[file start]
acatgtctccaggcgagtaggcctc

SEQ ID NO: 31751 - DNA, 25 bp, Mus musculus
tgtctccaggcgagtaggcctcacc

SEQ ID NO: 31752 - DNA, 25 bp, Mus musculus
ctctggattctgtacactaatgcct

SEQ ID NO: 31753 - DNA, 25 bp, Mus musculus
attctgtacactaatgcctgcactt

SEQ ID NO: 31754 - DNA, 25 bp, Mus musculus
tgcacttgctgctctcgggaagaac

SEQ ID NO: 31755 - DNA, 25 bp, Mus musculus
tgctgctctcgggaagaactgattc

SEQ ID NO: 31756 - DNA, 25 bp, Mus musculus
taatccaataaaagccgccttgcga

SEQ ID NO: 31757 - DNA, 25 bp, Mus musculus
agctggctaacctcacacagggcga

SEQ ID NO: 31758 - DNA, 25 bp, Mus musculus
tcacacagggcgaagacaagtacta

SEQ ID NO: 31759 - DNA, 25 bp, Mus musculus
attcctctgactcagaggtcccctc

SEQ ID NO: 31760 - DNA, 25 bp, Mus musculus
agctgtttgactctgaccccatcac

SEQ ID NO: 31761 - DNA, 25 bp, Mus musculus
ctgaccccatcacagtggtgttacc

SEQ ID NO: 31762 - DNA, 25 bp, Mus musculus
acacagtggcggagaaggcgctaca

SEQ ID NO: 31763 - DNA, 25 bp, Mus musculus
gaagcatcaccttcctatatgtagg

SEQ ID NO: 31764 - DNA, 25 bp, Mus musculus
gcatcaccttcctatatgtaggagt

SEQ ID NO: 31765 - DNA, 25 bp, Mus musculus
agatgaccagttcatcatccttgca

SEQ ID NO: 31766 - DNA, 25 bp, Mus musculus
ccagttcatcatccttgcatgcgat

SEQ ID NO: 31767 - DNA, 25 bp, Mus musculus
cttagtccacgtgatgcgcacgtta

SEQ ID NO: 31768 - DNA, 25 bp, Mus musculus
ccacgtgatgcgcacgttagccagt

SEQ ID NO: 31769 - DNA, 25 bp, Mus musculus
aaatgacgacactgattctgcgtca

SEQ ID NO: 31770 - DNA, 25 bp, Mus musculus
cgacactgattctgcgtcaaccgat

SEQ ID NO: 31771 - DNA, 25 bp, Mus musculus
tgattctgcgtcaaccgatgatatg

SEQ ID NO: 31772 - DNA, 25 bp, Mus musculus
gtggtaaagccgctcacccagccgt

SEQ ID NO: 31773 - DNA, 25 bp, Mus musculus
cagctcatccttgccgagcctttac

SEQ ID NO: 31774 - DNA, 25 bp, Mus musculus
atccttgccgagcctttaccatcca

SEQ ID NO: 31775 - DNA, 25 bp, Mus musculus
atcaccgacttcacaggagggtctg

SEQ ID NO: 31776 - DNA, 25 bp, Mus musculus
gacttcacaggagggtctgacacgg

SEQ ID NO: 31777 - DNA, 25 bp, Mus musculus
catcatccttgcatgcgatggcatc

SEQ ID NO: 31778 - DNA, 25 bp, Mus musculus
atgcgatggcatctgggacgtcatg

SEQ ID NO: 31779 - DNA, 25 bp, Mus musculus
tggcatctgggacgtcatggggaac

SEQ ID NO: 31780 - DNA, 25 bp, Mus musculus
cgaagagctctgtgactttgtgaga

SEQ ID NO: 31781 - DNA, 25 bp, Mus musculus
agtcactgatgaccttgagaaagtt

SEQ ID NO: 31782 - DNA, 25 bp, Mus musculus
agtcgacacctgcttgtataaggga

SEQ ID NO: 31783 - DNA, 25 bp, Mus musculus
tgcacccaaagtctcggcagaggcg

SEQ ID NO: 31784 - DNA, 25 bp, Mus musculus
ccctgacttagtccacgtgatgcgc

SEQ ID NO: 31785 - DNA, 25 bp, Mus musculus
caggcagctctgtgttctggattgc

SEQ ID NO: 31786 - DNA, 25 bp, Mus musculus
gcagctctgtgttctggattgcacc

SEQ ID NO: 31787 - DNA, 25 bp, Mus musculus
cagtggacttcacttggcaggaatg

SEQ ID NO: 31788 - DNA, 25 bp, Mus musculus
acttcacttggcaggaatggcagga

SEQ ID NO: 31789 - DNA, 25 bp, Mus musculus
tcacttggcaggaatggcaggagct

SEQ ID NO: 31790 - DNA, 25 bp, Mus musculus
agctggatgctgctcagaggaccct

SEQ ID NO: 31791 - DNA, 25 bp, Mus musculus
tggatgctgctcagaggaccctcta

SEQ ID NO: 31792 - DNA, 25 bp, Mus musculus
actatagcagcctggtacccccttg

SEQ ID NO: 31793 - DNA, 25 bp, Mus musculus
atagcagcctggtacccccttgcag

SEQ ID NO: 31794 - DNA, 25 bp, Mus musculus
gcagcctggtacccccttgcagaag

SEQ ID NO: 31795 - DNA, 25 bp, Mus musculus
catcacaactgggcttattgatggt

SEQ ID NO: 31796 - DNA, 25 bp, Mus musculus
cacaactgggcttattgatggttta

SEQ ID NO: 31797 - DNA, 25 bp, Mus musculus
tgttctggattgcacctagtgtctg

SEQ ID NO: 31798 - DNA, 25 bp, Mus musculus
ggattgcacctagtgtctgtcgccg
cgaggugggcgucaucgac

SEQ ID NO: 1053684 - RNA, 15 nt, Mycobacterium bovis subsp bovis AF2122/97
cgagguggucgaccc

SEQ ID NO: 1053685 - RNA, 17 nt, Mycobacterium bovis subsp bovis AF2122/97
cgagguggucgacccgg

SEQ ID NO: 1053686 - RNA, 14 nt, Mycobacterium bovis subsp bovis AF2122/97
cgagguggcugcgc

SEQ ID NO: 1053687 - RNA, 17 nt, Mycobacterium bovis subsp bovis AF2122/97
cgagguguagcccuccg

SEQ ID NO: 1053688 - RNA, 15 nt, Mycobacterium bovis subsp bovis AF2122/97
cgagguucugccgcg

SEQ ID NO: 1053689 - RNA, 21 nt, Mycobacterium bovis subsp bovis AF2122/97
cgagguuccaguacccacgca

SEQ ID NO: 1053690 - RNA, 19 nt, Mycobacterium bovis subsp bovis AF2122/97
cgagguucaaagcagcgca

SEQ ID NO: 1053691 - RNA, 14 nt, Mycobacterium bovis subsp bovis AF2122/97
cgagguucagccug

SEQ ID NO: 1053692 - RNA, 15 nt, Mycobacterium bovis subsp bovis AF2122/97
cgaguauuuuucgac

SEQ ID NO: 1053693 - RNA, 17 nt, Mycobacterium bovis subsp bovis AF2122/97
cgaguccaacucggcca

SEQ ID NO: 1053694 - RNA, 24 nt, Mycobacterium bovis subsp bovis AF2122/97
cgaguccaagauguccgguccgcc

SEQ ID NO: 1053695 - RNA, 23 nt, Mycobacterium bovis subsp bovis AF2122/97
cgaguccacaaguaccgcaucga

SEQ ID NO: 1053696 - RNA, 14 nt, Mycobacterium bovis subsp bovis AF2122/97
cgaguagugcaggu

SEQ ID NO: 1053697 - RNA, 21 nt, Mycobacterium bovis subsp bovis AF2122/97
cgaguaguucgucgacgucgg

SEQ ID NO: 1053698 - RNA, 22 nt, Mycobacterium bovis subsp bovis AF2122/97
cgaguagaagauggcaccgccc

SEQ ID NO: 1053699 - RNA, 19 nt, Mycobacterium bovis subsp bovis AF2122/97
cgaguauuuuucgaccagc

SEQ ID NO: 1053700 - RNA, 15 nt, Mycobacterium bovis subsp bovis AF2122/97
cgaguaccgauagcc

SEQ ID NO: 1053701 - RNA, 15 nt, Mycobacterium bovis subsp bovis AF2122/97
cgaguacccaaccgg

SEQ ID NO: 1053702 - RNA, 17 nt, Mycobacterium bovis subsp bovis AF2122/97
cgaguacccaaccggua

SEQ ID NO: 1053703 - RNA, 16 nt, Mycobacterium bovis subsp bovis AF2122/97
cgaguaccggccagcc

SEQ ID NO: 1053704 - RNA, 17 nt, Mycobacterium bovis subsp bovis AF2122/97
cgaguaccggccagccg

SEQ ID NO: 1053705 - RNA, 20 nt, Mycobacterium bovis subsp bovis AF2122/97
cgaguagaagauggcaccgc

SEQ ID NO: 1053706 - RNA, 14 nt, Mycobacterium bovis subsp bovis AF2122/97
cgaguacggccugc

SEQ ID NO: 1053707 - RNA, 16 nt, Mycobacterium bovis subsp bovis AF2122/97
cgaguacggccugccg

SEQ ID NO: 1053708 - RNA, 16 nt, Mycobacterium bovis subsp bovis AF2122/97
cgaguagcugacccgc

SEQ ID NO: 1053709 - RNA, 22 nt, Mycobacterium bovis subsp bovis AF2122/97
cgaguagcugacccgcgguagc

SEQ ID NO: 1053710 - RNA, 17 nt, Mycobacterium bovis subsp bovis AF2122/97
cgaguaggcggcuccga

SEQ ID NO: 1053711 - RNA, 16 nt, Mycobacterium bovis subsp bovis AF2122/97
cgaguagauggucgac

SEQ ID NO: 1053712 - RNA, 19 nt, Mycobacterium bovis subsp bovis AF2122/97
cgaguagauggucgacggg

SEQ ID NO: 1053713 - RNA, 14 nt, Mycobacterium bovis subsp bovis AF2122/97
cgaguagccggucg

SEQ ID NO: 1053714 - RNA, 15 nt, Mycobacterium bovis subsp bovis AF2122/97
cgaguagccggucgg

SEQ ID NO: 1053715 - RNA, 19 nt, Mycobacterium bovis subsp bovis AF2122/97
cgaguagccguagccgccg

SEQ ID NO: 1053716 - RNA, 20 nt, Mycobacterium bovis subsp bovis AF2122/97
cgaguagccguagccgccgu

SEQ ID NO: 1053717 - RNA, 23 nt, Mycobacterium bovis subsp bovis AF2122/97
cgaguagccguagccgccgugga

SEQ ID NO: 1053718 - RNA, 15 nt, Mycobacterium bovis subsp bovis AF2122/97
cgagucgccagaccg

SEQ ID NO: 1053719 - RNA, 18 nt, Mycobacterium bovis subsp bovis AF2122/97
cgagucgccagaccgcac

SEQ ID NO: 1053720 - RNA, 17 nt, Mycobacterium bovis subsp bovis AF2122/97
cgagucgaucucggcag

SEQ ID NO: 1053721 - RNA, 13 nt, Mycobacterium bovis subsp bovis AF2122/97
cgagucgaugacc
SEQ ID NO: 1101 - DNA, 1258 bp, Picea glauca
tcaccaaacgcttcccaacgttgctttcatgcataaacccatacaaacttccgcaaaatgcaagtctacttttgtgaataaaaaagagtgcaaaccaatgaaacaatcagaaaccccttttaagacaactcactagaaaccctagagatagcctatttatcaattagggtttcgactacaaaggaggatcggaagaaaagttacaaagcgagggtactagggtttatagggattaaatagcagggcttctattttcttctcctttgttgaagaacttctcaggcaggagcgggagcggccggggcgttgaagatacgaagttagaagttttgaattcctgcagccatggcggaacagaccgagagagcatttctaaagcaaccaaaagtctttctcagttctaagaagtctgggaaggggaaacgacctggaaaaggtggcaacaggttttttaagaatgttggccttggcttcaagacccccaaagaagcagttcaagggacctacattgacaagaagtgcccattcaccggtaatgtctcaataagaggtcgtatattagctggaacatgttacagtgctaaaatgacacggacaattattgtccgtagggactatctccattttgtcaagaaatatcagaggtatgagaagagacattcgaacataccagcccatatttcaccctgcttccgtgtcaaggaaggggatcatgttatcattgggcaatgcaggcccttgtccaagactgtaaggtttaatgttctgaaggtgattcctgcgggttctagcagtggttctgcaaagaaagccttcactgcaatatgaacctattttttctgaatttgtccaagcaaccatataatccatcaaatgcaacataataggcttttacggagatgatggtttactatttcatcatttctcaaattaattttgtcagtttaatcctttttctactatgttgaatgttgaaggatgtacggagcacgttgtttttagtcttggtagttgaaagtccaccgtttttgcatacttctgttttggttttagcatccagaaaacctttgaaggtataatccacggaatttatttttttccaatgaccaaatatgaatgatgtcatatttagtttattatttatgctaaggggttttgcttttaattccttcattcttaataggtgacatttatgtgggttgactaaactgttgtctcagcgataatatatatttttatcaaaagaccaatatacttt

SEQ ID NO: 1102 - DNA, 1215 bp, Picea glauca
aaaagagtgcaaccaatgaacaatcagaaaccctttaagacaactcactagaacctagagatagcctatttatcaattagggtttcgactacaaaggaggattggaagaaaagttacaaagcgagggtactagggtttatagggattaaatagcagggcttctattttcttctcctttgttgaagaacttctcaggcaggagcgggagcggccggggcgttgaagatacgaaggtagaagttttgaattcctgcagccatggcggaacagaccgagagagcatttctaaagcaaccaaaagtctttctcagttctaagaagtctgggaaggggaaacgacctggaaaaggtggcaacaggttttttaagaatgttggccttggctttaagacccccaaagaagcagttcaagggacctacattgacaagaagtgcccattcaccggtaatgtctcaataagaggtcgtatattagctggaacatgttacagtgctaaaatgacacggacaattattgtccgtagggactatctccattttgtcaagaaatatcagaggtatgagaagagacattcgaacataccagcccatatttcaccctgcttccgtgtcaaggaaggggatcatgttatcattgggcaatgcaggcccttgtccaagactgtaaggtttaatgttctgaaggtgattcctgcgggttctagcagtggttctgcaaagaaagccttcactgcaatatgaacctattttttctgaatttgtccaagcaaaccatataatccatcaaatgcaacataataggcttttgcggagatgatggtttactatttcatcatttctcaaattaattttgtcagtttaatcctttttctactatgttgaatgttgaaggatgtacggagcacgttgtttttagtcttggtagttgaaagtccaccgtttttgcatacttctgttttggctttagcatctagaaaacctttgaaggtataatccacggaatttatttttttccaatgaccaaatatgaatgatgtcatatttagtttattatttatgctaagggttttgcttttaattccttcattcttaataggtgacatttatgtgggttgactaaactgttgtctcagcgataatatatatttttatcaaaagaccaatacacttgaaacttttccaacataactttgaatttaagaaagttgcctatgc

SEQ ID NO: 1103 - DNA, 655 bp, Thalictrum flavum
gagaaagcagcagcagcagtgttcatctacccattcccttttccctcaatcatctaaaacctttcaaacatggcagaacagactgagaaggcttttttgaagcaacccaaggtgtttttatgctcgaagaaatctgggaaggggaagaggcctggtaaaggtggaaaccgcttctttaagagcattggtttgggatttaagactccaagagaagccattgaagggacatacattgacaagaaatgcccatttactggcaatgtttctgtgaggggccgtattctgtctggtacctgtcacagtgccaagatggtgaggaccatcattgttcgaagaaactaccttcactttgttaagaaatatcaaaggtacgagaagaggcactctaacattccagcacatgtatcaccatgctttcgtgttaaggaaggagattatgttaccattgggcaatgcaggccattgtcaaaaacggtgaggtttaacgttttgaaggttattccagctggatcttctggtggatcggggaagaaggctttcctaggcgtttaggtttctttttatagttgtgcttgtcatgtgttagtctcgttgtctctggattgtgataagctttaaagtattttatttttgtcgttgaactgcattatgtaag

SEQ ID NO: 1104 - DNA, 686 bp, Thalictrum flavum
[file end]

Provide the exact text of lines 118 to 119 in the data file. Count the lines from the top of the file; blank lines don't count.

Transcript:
cgaguccaacucggcca

SEQ ID NO: 1053694 - RNA, 24 nt, Mycobacterium bovis subsp bovis AF2122/97